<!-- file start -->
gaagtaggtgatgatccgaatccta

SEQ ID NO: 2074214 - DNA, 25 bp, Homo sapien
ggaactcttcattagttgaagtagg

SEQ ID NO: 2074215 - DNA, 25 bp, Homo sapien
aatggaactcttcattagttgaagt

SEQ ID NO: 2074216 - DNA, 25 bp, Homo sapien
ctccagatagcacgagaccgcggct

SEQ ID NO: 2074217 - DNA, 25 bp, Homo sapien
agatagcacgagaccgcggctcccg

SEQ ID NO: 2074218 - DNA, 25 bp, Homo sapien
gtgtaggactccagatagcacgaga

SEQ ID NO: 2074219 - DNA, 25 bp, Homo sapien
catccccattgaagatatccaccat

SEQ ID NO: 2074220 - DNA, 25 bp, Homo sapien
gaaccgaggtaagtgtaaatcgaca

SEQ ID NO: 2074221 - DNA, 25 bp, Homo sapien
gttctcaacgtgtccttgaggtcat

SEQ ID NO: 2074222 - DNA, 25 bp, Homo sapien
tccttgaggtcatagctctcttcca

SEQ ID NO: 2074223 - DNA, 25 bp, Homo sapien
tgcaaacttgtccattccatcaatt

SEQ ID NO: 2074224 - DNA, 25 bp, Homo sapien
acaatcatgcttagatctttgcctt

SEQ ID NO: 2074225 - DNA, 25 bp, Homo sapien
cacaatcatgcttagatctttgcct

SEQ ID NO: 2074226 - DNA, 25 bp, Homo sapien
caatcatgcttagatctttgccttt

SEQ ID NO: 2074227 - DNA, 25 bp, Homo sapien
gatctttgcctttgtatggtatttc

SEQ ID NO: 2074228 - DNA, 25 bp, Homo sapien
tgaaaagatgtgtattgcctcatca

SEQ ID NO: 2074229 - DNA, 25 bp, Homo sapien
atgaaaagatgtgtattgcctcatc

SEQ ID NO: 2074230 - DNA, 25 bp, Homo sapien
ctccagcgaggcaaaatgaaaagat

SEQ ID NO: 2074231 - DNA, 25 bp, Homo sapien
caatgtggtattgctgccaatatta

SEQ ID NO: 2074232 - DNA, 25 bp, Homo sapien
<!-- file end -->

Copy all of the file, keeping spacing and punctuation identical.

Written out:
gaagtaggtgatgatccgaatccta

SEQ ID NO: 2074214 - DNA, 25 bp, Homo sapien
ggaactcttcattagttgaagtagg

SEQ ID NO: 2074215 - DNA, 25 bp, Homo sapien
aatggaactcttcattagttgaagt

SEQ ID NO: 2074216 - DNA, 25 bp, Homo sapien
ctccagatagcacgagaccgcggct

SEQ ID NO: 2074217 - DNA, 25 bp, Homo sapien
agatagcacgagaccgcggctcccg

SEQ ID NO: 2074218 - DNA, 25 bp, Homo sapien
gtgtaggactccagatagcacgaga

SEQ ID NO: 2074219 - DNA, 25 bp, Homo sapien
catccccattgaagatatccaccat

SEQ ID NO: 2074220 - DNA, 25 bp, Homo sapien
gaaccgaggtaagtgtaaatcgaca

SEQ ID NO: 2074221 - DNA, 25 bp, Homo sapien
gttctcaacgtgtccttgaggtcat

SEQ ID NO: 2074222 - DNA, 25 bp, Homo sapien
tccttgaggtcatagctctcttcca

SEQ ID NO: 2074223 - DNA, 25 bp, Homo sapien
tgcaaacttgtccattccatcaatt

SEQ ID NO: 2074224 - DNA, 25 bp, Homo sapien
acaatcatgcttagatctttgcctt

SEQ ID NO: 2074225 - DNA, 25 bp, Homo sapien
cacaatcatgcttagatctttgcct

SEQ ID NO: 2074226 - DNA, 25 bp, Homo sapien
caatcatgcttagatctttgccttt

SEQ ID NO: 2074227 - DNA, 25 bp, Homo sapien
gatctttgcctttgtatggtatttc

SEQ ID NO: 2074228 - DNA, 25 bp, Homo sapien
tgaaaagatgtgtattgcctcatca

SEQ ID NO: 2074229 - DNA, 25 bp, Homo sapien
atgaaaagatgtgtattgcctcatc

SEQ ID NO: 2074230 - DNA, 25 bp, Homo sapien
ctccagcgaggcaaaatgaaaagat

SEQ ID NO: 2074231 - DNA, 25 bp, Homo sapien
caatgtggtattgctgccaatatta

SEQ ID NO: 2074232 - DNA, 25 bp, Homo sapien